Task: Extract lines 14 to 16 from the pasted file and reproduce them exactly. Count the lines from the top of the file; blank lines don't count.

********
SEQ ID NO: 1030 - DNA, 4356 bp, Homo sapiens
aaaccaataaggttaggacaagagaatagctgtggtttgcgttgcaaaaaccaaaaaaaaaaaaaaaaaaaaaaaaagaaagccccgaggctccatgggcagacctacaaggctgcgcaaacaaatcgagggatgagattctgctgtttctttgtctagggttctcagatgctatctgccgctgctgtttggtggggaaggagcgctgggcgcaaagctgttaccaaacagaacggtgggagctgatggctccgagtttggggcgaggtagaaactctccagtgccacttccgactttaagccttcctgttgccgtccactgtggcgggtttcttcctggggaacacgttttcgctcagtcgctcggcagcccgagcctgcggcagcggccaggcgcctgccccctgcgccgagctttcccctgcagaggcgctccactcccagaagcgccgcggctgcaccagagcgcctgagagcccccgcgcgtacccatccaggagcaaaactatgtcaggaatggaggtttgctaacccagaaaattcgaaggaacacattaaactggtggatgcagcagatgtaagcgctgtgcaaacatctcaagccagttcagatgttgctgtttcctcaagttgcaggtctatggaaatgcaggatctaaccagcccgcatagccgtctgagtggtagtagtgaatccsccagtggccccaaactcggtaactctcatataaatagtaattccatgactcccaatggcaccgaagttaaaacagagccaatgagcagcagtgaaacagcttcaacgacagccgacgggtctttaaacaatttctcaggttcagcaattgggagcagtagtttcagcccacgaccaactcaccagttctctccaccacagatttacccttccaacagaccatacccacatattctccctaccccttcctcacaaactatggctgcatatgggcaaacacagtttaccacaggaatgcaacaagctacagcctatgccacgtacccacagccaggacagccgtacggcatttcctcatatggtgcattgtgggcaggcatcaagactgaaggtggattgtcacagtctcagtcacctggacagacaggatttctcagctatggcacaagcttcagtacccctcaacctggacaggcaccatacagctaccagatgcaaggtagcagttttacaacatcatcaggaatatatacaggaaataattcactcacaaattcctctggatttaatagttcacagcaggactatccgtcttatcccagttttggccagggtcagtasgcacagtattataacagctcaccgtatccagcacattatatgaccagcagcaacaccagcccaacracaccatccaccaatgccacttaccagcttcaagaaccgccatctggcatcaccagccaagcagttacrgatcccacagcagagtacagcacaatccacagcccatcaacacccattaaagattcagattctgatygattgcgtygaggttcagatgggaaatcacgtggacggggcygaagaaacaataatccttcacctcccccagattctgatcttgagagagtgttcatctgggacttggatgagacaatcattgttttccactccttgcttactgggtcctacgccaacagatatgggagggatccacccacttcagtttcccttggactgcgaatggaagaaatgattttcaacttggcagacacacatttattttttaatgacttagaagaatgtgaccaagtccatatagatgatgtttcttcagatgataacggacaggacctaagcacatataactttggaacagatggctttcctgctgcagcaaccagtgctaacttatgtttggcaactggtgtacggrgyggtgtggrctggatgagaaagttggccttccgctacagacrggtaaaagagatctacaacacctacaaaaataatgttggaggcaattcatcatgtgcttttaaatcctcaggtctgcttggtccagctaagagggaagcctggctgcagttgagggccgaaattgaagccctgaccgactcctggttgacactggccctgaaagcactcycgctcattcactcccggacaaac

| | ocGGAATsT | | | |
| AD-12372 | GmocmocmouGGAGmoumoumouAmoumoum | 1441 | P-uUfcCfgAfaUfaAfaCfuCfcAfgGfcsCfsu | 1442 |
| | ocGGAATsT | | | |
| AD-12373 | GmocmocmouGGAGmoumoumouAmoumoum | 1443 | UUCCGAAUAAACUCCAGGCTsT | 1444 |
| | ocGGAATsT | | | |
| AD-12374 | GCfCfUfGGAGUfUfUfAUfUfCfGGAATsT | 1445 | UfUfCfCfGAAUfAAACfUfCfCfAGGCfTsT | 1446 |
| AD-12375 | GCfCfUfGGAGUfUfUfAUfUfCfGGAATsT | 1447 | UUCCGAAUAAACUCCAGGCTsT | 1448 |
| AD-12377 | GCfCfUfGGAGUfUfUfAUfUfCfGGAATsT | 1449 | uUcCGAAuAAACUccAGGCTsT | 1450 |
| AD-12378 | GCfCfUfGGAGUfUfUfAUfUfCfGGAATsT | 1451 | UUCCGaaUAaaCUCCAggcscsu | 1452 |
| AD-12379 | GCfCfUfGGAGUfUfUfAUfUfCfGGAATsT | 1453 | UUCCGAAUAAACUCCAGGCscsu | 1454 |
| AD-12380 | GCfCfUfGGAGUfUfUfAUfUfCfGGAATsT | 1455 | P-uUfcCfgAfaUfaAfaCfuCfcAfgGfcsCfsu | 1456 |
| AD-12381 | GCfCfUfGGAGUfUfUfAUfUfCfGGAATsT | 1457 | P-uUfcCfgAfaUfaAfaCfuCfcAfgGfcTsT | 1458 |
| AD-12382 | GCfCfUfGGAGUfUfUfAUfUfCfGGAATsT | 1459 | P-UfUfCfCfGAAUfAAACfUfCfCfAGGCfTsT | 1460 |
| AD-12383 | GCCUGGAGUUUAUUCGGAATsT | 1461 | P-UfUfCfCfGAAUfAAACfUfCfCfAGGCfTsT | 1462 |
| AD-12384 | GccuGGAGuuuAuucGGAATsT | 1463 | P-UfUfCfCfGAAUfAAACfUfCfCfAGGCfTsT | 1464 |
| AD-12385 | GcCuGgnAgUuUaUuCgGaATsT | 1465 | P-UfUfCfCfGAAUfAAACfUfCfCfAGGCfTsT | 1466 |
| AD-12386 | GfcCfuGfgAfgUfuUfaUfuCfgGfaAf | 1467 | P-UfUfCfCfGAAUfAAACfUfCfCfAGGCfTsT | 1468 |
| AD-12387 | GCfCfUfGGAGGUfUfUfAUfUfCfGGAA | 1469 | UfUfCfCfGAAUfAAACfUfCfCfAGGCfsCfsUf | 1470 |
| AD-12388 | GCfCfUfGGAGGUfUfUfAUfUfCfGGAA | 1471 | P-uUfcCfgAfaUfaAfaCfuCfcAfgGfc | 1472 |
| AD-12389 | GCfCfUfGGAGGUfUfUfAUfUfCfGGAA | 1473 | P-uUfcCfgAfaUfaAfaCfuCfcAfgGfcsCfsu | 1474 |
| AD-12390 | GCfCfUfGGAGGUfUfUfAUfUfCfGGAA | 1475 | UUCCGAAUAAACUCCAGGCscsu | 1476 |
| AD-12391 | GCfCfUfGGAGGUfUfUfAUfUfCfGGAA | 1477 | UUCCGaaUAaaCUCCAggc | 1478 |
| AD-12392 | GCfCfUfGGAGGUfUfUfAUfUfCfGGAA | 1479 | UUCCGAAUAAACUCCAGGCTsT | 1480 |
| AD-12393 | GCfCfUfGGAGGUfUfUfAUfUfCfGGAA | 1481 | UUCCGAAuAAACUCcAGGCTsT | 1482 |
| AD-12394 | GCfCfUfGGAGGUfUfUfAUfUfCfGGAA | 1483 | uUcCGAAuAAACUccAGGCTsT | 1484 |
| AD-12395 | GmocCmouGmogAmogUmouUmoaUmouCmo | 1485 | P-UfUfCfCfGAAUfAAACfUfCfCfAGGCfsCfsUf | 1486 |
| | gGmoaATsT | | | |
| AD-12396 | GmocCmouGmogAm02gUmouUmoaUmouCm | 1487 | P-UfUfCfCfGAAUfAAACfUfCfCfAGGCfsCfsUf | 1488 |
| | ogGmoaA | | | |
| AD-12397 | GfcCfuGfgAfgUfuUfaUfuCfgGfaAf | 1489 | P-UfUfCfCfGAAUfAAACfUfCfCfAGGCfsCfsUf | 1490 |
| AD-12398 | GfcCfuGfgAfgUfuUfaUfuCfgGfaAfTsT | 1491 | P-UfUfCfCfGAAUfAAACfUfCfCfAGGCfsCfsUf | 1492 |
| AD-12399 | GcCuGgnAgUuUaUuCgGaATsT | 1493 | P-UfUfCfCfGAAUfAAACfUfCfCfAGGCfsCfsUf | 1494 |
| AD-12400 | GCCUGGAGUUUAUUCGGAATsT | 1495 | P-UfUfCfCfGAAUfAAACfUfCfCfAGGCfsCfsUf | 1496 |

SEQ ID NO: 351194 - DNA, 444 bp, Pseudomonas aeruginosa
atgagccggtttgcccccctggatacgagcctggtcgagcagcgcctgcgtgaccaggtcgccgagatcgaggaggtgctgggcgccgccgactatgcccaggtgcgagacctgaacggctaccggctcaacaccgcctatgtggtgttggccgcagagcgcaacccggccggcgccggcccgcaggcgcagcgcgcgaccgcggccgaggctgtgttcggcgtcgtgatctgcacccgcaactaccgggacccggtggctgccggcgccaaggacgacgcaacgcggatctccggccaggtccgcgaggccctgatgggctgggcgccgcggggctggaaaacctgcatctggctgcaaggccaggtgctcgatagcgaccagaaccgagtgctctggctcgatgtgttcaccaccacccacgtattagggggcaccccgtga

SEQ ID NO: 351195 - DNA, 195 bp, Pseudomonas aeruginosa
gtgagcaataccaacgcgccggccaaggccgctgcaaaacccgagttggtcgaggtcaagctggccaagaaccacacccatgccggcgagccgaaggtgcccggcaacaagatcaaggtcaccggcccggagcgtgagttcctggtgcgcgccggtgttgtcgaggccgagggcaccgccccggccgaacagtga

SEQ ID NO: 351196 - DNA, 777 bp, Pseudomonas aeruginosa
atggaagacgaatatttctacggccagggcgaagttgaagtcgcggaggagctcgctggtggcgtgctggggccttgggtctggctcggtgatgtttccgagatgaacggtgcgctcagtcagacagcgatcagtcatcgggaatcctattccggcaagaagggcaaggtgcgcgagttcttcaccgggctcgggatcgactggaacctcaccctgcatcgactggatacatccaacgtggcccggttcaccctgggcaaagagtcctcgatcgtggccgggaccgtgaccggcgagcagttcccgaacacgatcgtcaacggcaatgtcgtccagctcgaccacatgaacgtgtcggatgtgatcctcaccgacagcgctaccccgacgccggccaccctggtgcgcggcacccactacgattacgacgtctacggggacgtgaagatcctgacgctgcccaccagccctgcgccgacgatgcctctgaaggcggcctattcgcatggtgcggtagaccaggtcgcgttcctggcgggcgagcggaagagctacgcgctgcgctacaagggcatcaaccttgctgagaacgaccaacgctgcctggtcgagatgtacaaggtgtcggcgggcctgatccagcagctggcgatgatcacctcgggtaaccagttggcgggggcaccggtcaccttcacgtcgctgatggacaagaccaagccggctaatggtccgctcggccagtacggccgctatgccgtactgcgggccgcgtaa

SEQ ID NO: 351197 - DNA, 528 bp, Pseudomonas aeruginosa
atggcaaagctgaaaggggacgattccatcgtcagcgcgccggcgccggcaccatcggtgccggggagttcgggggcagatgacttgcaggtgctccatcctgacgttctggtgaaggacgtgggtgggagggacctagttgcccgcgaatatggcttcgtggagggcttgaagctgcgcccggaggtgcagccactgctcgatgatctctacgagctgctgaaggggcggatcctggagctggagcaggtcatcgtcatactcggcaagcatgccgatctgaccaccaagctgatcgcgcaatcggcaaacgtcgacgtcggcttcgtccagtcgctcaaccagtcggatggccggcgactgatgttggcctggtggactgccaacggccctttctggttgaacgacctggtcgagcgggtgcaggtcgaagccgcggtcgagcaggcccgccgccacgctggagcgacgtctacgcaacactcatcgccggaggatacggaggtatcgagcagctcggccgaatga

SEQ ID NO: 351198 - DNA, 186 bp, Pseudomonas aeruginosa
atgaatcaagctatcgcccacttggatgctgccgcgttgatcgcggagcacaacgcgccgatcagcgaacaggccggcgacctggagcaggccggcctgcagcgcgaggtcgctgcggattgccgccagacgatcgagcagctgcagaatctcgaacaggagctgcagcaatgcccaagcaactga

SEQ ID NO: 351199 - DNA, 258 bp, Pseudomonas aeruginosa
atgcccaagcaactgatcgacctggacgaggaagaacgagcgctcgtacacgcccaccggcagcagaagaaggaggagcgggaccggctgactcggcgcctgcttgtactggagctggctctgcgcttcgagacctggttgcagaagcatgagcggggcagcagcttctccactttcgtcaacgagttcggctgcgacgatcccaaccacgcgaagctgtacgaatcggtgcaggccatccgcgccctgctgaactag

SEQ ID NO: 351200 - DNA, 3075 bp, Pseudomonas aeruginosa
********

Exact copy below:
| AD-12381 | GCfCfUfGGAGUfUfUfAUfUfCfGGAATsT | 1457 | P-uUfcCfgAfaUfaAfaCfuCfcAfgGfcTsT | 1458 |
| AD-12382 | GCfCfUfGGAGUfUfUfAUfUfCfGGAATsT | 1459 | P-UfUfCfCfGAAUfAAACfUfCfCfAGGCfTsT | 1460 |
| AD-12383 | GCCUGGAGUUUAUUCGGAATsT | 1461 | P-UfUfCfCfGAAUfAAACfUfCfCfAGGCfTsT | 1462 |